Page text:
Maine: An Encyclopedia
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Katahdin, Mount

It was like sitting in a chimney and waiting for the smoke to blow away. It was, in fact, a cloud-factory,– these were the cloud-works, and the wind turned them off done from the cool, bare rocks. [Thoreau]

A "Lake" of Fog under Katahdin (August 2014)

A “Lake” of Fog under Katahdin (August 2014)

Abol Trail

Abol Trail

Chimney Pond from the rim of the Great Basin

Chimney Pond from the rim of the Great Basin

Katahdin in Winter, from Millinocket

Katahdin in Winter, from Millinocket

The Mountain Across Salmon Stream Lake from T1 R6 WELS

The Mountain Across Salmon Stream Lake from T1 R6 WELS @

is the highest mountain in Maine at 5,267 feet above sea level. The Native American name means “great mountain” or “large mountain.”

The centerpiece of Baxter State Park in Mount Katahdin Township, Baxter Peak is its highest followed by South Peak at 5,240 feet and Pamola Peak at 4,902 feet. Among its various peaks is North Peak, the official name of which is Howe Peaks, after Burton Howe, who organized a trip for Percival Baxter in 1920.

Trails above the tree line are often marked by cairns, piles of rocks placed to signify locations or boundaries.

In 1764, Joseph Chadwick, a surveyor, recorded first non-native sighting of Mount Katahdin in a report of his explorations. Charles Turner, Jr. and a party of eleven made the first recorded climb of Mount Katahdin in 1804.

The second and third (1819, 1820) were surveyors for the Maine Boundary Commission seeking to clarify the border with Canada. During a geological survey of Maine, State Geologist Charles T. Jackson made his ascent in 1837.

Henry David Thoreau, and his party climbed the mountain in September of 1846. Young Theodore Roosevelt did the same in 1878, with his guide Bill Sewall. The Appalachian Mountain Club established its first camp there in 1877, its second at Chimney Pond in 1916, and its third at Kidney Pond in 1925.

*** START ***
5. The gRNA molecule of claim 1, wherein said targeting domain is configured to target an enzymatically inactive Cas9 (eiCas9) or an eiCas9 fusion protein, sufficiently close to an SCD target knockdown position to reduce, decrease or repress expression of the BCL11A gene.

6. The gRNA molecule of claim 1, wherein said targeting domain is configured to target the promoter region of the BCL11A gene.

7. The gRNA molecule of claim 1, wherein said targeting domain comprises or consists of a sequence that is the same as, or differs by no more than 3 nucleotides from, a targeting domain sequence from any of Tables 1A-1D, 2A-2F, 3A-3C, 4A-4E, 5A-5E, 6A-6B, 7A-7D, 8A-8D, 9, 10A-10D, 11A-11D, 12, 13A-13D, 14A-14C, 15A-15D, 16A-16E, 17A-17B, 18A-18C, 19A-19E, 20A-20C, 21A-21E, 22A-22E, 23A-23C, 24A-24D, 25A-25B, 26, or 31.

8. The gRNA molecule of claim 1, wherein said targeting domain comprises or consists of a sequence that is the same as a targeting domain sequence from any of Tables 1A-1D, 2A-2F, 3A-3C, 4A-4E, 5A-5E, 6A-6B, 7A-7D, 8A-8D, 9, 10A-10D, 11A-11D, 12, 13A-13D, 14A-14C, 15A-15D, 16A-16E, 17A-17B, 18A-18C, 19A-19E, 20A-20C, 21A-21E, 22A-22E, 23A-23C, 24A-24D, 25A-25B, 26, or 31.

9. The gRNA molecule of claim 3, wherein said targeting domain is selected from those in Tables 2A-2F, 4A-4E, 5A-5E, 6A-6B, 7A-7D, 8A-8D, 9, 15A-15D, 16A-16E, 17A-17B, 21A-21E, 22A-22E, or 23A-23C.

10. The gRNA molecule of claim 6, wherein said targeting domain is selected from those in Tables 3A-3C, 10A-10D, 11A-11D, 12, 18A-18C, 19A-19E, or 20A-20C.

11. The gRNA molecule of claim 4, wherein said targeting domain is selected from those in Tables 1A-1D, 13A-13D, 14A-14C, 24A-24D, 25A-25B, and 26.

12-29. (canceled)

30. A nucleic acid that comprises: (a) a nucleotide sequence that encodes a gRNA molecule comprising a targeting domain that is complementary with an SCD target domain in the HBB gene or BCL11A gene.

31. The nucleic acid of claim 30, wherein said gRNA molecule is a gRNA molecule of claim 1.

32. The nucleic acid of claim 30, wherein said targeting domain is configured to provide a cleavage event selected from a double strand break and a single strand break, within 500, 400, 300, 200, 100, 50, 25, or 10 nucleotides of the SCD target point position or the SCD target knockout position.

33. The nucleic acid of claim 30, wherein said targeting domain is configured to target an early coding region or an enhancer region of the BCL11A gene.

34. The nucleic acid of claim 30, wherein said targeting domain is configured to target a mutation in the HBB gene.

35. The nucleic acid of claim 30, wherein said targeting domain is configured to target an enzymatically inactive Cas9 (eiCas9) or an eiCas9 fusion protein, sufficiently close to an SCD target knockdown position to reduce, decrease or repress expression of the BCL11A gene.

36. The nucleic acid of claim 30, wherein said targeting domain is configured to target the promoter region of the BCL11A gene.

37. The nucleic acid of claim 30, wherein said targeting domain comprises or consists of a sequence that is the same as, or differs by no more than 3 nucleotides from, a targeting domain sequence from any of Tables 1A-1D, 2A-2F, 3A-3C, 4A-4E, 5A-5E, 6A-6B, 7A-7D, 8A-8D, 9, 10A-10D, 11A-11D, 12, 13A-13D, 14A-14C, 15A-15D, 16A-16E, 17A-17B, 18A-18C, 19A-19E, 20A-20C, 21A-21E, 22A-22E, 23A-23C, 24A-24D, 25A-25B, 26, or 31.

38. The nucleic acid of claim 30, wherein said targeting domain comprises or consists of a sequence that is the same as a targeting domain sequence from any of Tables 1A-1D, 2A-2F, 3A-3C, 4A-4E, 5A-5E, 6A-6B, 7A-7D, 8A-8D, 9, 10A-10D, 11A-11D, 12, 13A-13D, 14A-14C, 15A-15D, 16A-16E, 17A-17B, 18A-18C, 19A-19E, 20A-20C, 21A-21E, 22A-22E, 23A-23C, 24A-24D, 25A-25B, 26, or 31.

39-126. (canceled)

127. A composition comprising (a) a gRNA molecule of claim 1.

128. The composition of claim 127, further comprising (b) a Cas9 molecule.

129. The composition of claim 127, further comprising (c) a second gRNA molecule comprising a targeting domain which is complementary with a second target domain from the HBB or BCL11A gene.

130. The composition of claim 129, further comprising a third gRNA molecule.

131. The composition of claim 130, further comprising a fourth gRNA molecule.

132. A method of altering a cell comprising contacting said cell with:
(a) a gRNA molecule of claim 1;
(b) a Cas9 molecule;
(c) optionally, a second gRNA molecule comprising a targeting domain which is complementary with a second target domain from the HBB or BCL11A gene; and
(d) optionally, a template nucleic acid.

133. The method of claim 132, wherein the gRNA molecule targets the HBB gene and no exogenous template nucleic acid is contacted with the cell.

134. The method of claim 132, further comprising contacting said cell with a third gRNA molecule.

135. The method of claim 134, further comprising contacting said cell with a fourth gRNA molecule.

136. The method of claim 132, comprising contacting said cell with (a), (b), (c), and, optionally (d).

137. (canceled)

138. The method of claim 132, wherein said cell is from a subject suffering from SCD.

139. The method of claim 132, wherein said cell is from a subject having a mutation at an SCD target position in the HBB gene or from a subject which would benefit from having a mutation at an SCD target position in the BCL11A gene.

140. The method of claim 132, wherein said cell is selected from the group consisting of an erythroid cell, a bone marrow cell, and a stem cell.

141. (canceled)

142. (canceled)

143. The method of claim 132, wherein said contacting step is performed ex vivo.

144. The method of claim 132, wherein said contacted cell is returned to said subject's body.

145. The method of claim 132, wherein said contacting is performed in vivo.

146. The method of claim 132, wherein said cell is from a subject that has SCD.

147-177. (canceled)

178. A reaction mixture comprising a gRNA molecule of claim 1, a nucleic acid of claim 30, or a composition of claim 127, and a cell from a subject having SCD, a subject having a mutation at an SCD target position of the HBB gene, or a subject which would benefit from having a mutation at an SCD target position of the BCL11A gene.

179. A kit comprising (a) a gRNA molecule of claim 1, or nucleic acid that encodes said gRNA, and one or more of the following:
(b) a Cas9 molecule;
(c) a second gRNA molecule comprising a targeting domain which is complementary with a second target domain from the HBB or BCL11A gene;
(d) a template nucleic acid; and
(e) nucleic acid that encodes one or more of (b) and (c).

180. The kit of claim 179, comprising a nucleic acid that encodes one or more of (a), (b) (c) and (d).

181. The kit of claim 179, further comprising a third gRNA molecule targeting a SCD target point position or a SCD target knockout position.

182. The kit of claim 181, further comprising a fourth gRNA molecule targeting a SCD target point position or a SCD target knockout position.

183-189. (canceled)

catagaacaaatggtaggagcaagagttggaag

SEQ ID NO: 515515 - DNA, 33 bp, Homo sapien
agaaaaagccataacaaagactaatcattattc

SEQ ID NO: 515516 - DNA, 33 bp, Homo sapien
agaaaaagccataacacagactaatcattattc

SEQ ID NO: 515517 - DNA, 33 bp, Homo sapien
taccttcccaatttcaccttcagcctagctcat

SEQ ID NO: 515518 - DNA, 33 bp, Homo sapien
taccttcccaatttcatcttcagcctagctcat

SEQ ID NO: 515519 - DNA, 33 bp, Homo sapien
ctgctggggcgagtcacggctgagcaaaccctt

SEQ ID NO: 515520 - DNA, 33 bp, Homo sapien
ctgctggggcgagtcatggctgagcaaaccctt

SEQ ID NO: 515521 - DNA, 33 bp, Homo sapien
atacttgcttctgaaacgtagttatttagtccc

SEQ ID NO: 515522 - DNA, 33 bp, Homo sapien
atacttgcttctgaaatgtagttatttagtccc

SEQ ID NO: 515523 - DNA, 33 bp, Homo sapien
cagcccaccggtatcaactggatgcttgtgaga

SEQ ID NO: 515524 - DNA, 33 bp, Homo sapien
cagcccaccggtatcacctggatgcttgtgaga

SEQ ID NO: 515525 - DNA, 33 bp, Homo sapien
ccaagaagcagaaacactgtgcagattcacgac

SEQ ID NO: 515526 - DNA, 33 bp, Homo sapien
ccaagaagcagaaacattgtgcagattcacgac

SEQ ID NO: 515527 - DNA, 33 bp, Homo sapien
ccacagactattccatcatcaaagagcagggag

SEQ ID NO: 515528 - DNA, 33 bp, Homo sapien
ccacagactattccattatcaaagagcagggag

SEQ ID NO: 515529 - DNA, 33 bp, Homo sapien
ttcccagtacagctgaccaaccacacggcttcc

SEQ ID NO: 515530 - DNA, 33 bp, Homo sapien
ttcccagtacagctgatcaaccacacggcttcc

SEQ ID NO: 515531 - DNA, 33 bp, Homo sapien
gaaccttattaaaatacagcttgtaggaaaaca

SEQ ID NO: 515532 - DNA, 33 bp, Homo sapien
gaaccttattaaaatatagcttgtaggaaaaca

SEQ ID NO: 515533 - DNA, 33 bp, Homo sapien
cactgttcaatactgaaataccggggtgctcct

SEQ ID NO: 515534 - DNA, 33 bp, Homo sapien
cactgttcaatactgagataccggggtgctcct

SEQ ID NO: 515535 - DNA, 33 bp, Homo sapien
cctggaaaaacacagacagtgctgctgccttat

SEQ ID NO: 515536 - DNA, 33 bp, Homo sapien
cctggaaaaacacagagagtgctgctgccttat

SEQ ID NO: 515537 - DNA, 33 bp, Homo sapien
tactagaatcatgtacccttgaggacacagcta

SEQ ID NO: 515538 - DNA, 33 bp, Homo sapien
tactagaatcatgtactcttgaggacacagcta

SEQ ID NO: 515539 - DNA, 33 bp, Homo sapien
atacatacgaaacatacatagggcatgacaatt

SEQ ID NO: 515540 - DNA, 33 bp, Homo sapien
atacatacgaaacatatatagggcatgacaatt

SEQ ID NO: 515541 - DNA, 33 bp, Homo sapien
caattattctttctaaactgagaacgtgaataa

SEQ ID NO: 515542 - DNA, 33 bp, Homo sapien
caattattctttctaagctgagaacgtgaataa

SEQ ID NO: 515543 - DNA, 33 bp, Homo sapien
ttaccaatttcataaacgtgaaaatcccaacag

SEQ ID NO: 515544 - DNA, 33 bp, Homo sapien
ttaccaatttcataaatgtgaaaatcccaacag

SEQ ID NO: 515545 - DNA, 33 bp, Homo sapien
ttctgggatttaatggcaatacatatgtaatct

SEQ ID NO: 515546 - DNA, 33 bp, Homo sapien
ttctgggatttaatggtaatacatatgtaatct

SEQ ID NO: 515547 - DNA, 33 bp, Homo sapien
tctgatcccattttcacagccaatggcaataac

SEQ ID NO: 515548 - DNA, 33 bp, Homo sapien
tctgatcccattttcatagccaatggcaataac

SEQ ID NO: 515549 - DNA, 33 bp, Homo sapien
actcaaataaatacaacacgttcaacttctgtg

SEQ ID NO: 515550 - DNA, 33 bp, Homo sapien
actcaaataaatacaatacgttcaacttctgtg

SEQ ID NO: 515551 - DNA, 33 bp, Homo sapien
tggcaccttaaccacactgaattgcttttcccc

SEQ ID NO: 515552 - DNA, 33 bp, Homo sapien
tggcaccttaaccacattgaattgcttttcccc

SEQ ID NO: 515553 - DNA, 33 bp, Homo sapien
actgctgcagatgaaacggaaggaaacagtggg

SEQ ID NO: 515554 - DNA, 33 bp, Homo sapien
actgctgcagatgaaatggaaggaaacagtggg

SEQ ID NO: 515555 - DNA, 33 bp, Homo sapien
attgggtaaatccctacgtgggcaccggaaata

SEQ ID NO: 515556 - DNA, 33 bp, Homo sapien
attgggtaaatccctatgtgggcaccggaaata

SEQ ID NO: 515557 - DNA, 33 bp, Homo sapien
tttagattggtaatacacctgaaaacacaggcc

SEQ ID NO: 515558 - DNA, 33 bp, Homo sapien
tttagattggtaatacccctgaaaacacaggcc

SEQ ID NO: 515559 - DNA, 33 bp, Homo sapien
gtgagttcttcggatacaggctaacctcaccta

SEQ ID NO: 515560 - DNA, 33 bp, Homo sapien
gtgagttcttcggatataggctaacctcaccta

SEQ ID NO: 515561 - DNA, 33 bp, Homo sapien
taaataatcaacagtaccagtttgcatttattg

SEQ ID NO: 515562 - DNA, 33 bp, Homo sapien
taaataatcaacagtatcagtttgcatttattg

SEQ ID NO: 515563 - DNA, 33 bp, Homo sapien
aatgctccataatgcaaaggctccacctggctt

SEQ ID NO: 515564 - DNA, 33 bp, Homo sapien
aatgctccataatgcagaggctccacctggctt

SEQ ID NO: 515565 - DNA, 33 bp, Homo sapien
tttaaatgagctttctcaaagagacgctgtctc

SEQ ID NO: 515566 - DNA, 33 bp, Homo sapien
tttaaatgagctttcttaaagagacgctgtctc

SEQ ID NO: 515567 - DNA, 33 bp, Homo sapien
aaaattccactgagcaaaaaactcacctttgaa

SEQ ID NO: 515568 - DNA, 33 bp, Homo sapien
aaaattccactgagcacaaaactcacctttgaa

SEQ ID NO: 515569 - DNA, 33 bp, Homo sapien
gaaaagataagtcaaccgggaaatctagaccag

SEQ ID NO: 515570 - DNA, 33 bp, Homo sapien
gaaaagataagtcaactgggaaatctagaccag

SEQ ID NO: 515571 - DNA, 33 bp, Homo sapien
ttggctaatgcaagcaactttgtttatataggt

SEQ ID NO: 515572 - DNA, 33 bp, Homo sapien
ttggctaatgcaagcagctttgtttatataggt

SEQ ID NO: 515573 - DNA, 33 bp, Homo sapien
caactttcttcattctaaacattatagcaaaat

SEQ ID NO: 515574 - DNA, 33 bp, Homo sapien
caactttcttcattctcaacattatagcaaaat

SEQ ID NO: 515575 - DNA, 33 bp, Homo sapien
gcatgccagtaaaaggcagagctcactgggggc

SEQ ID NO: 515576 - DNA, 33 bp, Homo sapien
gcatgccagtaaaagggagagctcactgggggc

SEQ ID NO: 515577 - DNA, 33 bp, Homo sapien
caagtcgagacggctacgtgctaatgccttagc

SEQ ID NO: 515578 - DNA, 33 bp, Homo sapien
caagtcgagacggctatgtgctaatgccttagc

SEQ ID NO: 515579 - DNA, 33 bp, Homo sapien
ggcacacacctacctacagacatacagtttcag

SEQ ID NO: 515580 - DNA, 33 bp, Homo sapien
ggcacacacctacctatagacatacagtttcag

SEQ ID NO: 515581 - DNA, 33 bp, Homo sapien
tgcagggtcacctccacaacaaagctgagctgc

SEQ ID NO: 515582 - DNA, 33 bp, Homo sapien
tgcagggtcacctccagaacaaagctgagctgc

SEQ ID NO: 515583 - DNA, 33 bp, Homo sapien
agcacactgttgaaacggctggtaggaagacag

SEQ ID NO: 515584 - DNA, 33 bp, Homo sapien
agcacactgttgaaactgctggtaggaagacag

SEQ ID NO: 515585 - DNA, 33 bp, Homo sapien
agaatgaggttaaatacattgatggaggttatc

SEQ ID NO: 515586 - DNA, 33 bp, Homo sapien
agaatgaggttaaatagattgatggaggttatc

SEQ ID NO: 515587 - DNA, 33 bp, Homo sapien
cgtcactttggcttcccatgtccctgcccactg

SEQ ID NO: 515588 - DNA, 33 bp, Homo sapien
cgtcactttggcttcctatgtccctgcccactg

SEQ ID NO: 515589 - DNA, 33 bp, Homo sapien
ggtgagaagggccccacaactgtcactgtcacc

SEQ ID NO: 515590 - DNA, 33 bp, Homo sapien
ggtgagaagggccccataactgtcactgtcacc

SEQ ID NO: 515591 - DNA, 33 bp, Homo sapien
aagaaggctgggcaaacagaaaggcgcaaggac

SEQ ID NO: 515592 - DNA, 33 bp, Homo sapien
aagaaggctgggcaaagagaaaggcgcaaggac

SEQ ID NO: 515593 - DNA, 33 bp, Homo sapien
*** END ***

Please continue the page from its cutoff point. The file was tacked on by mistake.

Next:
The first of several governors, or would be governors, who made the trek, was Percival P. Baxter in 1920, followed by Ralph O. Brewster in 1925.

Turner, Jackson, Thoreau, among others, found the West Branch of the Penobscot River the best approach, leading to Abol Stream and the treeless Abol Slide which now hosts the Abol Trail. That trail, while steep, is a relatively short direct route to the Tableland, a plain in the shadow of Baxter Peak. Thoreau Spring is nearby at the end of the trail.

Much of the Mountain, below the treeline, as well as the surrounding land now in Baxter Park, was heavily logged in the late 19th and early 20th centuries.

Thanks to Maine native Myron Avery, in 1938 the Appalachian Trail was completed across Maine, ending on Baxter Peak.

[“A ‘Lake’ of Fog under Katahdin” photo by Rebecca A. Williams, from Scudder Road, Sherman]

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Additional resources

An Annotated bibliography of Katahdin. Compiled by Edward S. C. Smith and Myron H. Avery. Washington, D.C. Appalachian Trail Conference. 1936.

Appalachian Mountain Club. How to Climb Katahdin. 2013.

Avery, Myron H. Mount Katahdin in Maine. Augusta, Me. Development Commission. 1935.

Clark, Stephen. Katahdin: A Guide to Baxter Park and Katahdin. Shapleigh, Me. Clark Books. 2009.

Hamlin, Charles Edward. “Routes to Ktaadn.” [Boston] Appalachia. 1881? URSUS NOTE: “Reprinted from the Appalachia, vol. II., no. 4.”

Neff, John W. Katahdin, an Historic Journey: Legends, Explorations, and Preservation of Maine’s Highest Peak. Boston, Mass. Appalachian Mountain Club Books. c2006.

Sewall, George T., 1844-1909. To Katahdin: the 1876 adventures of four young men and a boat. Gardiner, Me. Tilbury House. Augusta, Me. Friends of the Maine State Museum. c2000.

Thoreau, Henry David, 1817-1862. The Maine Woods. [Many editions, editors, and publishers]





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This entry was last modified: May 05, 2017 08:23 PM

One Response to Katahdin, Mount

  1. maddy says:

    this place is beautiful

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